Unless we start out with a feeling of awe and astonishment – with what is often called a sense of the numinous – we shall make little progress on the Way. When Samuel Palmer first visited William Blake, the old man asked him how he approached the work of painting. “With fear and trembling,” Palmer replied. “Then you’ll do,” said Blake.
The Greek Fathers liken man’s encounter with God to the experience of someone walking over the mountains in the mist: he takes a step forward and suddenly finds that he is on the edge of a precipice, with no solid ground beneath his foot but only a bottomless abyss. Or else they use the example of a man standing at night in a darkened room: he opens the shutter over a window, and as he looks out there is a sudden flash of lightning, causing him to stagger backwards, momentarily blinded. Such is the effect of coming face to face with the living mystery of God: we are assailed by dizziness; all the familiar footholds vanish, and there seems nothing for us to grasp; our inward eyes are blilnd, our normal assumptions shattered.
From Met. Kallistos Ware’s The Orthodox Way.
There are several forms of mystery, particularly spiritual mystery, in our culture. One of them enjoys speaking of God in mysterious terms, for so long as God remains mysterious then nothing certain can be said about Him, nor can anything certain be said to us. Thus, such a mysterious God is very comfortable, for we are left only with our spirituality, and only a very vague God.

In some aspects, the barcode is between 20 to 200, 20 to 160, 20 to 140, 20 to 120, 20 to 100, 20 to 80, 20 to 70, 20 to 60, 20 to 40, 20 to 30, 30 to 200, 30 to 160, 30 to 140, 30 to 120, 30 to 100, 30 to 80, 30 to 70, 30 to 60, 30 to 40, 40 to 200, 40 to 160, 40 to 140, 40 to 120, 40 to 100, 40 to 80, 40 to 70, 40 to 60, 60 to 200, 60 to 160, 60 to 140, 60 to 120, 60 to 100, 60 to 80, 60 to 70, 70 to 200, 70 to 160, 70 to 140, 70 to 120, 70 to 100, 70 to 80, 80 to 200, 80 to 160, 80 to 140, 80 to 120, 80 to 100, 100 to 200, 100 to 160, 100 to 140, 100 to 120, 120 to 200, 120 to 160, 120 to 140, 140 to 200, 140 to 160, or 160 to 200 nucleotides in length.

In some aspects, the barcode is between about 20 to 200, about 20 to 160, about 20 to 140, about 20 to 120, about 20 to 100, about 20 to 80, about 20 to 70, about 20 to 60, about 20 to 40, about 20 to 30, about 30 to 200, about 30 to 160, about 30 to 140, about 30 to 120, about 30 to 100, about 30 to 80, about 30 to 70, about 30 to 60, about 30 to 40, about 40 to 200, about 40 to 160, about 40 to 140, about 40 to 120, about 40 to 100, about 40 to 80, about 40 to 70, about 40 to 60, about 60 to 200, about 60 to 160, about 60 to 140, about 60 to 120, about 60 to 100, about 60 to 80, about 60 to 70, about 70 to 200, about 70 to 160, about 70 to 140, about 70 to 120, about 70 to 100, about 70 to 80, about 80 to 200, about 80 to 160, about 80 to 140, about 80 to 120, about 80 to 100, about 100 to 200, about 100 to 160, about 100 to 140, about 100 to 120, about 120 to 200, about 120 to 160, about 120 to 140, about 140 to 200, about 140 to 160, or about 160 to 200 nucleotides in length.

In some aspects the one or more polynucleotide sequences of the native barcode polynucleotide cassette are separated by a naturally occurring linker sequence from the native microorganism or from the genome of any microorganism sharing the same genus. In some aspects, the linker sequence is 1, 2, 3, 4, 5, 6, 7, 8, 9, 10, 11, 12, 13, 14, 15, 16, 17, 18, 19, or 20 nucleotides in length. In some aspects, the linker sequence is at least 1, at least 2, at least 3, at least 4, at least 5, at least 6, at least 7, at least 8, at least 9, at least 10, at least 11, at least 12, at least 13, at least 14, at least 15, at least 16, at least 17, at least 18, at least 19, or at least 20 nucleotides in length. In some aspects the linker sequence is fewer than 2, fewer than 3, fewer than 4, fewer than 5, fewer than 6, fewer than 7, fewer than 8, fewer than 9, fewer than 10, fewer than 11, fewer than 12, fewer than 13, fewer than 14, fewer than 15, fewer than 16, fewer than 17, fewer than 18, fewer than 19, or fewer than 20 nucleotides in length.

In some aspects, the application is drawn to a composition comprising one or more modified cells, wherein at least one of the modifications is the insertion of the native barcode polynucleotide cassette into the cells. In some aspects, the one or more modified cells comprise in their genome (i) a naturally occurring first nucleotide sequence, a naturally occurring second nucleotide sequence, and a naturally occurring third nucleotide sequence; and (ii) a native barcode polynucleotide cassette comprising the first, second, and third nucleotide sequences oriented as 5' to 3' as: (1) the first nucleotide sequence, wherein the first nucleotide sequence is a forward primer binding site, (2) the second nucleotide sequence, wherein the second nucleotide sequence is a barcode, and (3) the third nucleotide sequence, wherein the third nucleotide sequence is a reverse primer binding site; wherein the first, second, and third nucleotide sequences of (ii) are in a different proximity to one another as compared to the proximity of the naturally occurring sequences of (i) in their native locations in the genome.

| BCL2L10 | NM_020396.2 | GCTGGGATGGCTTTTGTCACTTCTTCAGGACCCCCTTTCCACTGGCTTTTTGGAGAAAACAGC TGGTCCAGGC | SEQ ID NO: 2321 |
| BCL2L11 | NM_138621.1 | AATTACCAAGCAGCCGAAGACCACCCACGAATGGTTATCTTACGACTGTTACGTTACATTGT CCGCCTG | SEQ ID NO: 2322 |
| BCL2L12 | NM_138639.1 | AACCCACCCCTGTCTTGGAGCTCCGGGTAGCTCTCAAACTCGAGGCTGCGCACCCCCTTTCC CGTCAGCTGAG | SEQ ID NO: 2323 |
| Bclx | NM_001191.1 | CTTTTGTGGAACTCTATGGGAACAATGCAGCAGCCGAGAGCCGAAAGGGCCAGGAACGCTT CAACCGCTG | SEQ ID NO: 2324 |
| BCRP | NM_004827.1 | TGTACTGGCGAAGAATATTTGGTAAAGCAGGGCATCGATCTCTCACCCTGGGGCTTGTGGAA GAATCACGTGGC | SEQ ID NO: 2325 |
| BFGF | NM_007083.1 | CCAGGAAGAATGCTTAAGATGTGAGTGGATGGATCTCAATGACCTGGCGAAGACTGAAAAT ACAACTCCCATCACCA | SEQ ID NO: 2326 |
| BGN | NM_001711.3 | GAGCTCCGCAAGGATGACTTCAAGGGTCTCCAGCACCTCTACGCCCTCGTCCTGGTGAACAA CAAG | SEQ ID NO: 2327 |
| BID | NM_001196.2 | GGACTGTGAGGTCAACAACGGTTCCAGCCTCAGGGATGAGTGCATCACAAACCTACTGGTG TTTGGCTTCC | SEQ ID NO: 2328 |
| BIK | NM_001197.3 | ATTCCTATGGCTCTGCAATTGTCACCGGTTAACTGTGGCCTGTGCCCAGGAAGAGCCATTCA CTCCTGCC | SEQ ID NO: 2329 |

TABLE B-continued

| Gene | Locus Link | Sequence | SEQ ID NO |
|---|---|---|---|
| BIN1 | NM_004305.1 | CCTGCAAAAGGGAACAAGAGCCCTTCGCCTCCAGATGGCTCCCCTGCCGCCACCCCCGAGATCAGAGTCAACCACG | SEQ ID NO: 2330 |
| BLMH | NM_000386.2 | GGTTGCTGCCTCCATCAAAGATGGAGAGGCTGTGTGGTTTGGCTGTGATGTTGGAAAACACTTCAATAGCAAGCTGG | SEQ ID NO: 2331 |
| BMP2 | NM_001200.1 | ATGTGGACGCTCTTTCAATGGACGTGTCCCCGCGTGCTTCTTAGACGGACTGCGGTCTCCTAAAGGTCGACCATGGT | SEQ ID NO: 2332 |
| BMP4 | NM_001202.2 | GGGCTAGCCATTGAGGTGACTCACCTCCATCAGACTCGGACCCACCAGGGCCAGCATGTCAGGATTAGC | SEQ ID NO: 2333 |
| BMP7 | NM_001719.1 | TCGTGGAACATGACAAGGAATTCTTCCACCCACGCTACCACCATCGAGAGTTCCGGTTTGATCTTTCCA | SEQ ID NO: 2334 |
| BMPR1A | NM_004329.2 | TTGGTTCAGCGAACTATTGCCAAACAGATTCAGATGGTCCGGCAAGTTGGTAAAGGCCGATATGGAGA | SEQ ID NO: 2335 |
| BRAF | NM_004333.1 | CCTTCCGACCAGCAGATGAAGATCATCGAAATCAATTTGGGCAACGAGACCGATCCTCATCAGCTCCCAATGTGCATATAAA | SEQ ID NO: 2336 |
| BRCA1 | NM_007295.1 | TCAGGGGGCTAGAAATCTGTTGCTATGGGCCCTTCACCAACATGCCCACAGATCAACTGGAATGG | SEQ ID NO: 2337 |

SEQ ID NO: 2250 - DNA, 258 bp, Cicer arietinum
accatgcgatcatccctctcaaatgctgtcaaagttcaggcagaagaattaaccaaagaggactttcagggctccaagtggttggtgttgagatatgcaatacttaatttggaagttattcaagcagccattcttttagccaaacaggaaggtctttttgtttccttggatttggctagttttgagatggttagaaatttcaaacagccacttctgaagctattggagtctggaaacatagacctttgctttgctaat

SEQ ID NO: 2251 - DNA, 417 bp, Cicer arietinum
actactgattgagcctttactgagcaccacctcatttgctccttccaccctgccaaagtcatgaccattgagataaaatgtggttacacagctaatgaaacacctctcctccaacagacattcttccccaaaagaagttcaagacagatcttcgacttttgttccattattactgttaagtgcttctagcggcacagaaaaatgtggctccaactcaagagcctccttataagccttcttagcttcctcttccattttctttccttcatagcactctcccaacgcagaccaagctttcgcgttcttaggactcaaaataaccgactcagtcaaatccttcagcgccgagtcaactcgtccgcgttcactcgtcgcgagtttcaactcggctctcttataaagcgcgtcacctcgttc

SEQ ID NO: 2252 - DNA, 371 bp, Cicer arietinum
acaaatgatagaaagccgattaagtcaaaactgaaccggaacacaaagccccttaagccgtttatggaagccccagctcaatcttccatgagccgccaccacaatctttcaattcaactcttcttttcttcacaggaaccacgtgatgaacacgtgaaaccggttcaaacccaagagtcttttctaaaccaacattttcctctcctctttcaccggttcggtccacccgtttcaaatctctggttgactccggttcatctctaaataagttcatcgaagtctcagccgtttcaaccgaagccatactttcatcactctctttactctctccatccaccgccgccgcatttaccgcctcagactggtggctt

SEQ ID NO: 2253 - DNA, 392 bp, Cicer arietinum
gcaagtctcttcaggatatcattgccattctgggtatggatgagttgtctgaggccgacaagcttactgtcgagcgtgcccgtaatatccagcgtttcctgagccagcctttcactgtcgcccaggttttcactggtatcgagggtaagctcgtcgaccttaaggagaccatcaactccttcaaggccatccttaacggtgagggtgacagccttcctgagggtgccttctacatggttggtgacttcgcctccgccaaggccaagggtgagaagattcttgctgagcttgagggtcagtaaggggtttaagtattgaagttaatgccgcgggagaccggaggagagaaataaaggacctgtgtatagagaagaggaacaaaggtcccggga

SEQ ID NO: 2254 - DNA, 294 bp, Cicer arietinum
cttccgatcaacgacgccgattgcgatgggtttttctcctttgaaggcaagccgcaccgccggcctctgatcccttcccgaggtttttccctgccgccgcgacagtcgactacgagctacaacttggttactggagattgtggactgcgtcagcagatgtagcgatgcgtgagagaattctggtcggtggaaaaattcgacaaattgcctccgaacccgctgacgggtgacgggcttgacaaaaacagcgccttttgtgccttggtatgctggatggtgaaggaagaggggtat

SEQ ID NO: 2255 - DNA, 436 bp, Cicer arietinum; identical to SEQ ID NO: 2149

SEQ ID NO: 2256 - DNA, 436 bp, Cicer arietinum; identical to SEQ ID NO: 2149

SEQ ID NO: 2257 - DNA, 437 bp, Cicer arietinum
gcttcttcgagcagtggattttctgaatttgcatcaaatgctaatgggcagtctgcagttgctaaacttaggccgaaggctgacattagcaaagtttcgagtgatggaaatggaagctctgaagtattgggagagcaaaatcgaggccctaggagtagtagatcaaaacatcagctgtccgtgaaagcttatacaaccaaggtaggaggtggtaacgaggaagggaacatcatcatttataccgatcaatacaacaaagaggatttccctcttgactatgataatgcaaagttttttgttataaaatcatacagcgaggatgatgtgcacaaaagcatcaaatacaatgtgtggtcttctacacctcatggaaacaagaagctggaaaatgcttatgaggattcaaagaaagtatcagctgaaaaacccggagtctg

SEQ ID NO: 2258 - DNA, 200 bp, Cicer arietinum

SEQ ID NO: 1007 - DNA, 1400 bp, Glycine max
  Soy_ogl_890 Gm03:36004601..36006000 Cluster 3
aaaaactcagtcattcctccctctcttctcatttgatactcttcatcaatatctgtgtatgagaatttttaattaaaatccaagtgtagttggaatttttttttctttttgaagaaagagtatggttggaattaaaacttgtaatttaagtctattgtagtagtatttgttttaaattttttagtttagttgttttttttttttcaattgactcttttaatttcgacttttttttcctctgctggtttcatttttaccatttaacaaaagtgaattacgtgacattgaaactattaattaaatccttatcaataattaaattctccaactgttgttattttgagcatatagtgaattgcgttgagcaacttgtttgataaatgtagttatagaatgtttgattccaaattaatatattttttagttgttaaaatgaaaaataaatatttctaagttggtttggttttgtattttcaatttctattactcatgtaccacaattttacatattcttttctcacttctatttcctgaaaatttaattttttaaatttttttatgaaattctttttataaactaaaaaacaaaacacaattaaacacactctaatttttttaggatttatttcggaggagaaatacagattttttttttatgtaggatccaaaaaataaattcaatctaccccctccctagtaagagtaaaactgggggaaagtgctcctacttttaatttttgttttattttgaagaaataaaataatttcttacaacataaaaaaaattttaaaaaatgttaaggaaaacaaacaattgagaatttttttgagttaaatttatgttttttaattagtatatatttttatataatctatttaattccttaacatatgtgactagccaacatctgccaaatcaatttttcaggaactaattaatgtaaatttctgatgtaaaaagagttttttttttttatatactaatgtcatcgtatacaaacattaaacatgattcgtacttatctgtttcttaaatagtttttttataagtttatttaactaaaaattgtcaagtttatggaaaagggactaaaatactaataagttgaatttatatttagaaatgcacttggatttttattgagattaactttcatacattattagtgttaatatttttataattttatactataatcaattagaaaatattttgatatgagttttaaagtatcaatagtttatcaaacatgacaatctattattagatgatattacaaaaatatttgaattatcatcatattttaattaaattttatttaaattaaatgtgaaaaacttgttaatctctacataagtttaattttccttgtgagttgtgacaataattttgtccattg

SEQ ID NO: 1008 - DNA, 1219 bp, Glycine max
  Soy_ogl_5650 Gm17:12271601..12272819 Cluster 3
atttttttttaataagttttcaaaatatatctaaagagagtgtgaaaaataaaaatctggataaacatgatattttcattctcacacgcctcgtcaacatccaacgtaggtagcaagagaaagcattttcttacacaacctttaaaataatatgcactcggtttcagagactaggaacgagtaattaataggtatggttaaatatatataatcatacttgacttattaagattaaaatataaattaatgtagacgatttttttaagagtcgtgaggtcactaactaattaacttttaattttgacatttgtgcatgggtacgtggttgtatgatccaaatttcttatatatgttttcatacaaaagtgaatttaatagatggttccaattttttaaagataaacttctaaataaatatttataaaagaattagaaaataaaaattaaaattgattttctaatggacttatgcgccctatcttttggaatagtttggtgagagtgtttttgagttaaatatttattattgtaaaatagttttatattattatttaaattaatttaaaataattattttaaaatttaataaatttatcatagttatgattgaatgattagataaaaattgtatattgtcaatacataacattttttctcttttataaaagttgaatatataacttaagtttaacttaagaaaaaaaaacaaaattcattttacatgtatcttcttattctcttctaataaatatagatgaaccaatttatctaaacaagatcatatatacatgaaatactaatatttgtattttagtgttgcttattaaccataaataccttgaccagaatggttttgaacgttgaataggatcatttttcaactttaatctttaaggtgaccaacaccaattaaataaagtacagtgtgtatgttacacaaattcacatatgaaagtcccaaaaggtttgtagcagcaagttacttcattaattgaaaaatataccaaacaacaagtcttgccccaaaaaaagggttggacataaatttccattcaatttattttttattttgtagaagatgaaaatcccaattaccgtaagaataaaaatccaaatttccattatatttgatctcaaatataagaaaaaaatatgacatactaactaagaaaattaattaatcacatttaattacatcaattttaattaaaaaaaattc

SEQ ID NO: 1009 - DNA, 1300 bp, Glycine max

Another form of mystery is closer to the “whodunit.” It is the mystery of simply not knowing. If left at this point our relationship with God, like the previous form described, simply becomes another means of hiding from God.
Then there is Bishop Kallistos’ Mystery “[like a] sudden flash of lightning, causing [us]to stagger backwards, momentarily blinded.” As His Beatitude notes, “such is the effect of coming face to face with the living mystery of God.” This is not an encounter that leads us to a spirituality or to an agnosticism – but rather to a true knowledge of God in the face of Jesus Christ. Such an encounter is that of creature before His Creator – such an experience never leaves us unchanged.
Our Creator has revealed to us a Way of Life – a Way that allows us not only to know Him, but also to be slowly conformed to His image by grace. Our relationship with God does not exist to meet our religious needs (there are no such things). It exists to make us truly human – and as a truly human person – to conform us to the image of His beloved Son. Nothing less.
Metropolitan Kallistos tells the story of his own conversion – how he dropped accidentally into the Russian Cathedral in London on a rainy day and found himself in Paradise. What a fortuitous flash of lightening. May God bless all those who stumble into His path and grant them saving knowledge of the living mystery of God.